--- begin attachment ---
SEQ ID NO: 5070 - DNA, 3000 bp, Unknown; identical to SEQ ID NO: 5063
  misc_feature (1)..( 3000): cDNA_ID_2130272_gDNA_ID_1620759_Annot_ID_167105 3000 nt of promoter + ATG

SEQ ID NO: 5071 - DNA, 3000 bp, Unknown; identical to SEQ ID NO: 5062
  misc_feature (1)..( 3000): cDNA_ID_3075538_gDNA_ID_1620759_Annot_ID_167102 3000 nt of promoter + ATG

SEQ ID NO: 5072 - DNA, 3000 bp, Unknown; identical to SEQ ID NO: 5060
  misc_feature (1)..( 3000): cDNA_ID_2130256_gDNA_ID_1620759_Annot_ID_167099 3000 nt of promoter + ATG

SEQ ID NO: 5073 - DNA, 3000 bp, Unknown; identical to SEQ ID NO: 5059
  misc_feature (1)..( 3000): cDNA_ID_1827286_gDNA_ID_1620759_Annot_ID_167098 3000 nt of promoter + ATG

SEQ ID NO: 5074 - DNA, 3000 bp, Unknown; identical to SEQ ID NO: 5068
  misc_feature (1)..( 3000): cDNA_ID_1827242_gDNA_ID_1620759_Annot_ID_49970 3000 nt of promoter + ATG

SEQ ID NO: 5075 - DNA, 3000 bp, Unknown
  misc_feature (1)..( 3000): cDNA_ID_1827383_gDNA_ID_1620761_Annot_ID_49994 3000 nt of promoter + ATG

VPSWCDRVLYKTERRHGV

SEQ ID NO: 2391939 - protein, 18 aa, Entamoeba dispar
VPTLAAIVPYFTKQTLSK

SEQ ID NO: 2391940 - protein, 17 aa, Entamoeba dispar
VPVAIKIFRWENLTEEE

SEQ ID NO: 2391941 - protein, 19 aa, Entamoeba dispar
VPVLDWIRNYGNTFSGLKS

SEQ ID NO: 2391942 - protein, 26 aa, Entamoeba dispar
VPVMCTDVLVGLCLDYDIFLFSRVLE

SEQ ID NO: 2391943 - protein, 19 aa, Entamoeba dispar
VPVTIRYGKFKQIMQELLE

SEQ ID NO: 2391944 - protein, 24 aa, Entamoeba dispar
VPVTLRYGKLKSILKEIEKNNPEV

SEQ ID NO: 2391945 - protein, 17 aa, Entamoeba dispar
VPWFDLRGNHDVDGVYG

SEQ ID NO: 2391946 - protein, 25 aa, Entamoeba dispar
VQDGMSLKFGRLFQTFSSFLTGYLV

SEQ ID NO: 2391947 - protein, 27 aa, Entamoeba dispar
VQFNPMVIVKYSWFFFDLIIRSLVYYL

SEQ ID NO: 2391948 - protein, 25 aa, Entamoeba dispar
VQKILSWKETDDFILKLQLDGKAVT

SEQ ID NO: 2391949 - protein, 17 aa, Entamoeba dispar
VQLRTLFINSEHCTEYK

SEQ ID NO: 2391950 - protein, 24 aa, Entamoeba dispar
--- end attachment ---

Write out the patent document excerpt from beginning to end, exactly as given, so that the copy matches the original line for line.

SEQ ID NO: 5070 - DNA, 3000 bp, Unknown; identical to SEQ ID NO: 5063
  misc_feature (1)..( 3000): cDNA_ID_2130272_gDNA_ID_1620759_Annot_ID_167105 3000 nt of promoter + ATG

SEQ ID NO: 5071 - DNA, 3000 bp, Unknown; identical to SEQ ID NO: 5062
  misc_feature (1)..( 3000): cDNA_ID_3075538_gDNA_ID_1620759_Annot_ID_167102 3000 nt of promoter + ATG

SEQ ID NO: 5072 - DNA, 3000 bp, Unknown; identical to SEQ ID NO: 5060
  misc_feature (1)..( 3000): cDNA_ID_2130256_gDNA_ID_1620759_Annot_ID_167099 3000 nt of promoter + ATG

SEQ ID NO: 5073 - DNA, 3000 bp, Unknown; identical to SEQ ID NO: 5059
  misc_feature (1)..( 3000): cDNA_ID_1827286_gDNA_ID_1620759_Annot_ID_167098 3000 nt of promoter + ATG

SEQ ID NO: 5074 - DNA, 3000 bp, Unknown; identical to SEQ ID NO: 5068
  misc_feature (1)..( 3000): cDNA_ID_1827242_gDNA_ID_1620759_Annot_ID_49970 3000 nt of promoter + ATG

SEQ ID NO: 5075 - DNA, 3000 bp, Unknown
  misc_feature (1)..( 3000): cDNA_ID_1827383_gDNA_ID_1620761_Annot_ID_49994 3000 nt of promoter + ATG

VPSWCDRVLYKTERRHGV

SEQ ID NO: 2391939 - protein, 18 aa, Entamoeba dispar
VPTLAAIVPYFTKQTLSK

SEQ ID NO: 2391940 - protein, 17 aa, Entamoeba dispar
VPVAIKIFRWENLTEEE

SEQ ID NO: 2391941 - protein, 19 aa, Entamoeba dispar
VPVLDWIRNYGNTFSGLKS

SEQ ID NO: 2391942 - protein, 26 aa, Entamoeba dispar
VPVMCTDVLVGLCLDYDIFLFSRVLE

SEQ ID NO: 2391943 - protein, 19 aa, Entamoeba dispar
VPVTIRYGKFKQIMQELLE

SEQ ID NO: 2391944 - protein, 24 aa, Entamoeba dispar
VPVTLRYGKLKSILKEIEKNNPEV

SEQ ID NO: 2391945 - protein, 17 aa, Entamoeba dispar
VPWFDLRGNHDVDGVYG

SEQ ID NO: 2391946 - protein, 25 aa, Entamoeba dispar
VQDGMSLKFGRLFQTFSSFLTGYLV

SEQ ID NO: 2391947 - protein, 27 aa, Entamoeba dispar
VQFNPMVIVKYSWFFFDLIIRSLVYYL

SEQ ID NO: 2391948 - protein, 25 aa, Entamoeba dispar
VQKILSWKETDDFILKLQLDGKAVT

SEQ ID NO: 2391949 - protein, 17 aa, Entamoeba dispar
VQLRTLFINSEHCTEYK

SEQ ID NO: 2391950 - protein, 24 aa, Entamoeba dispar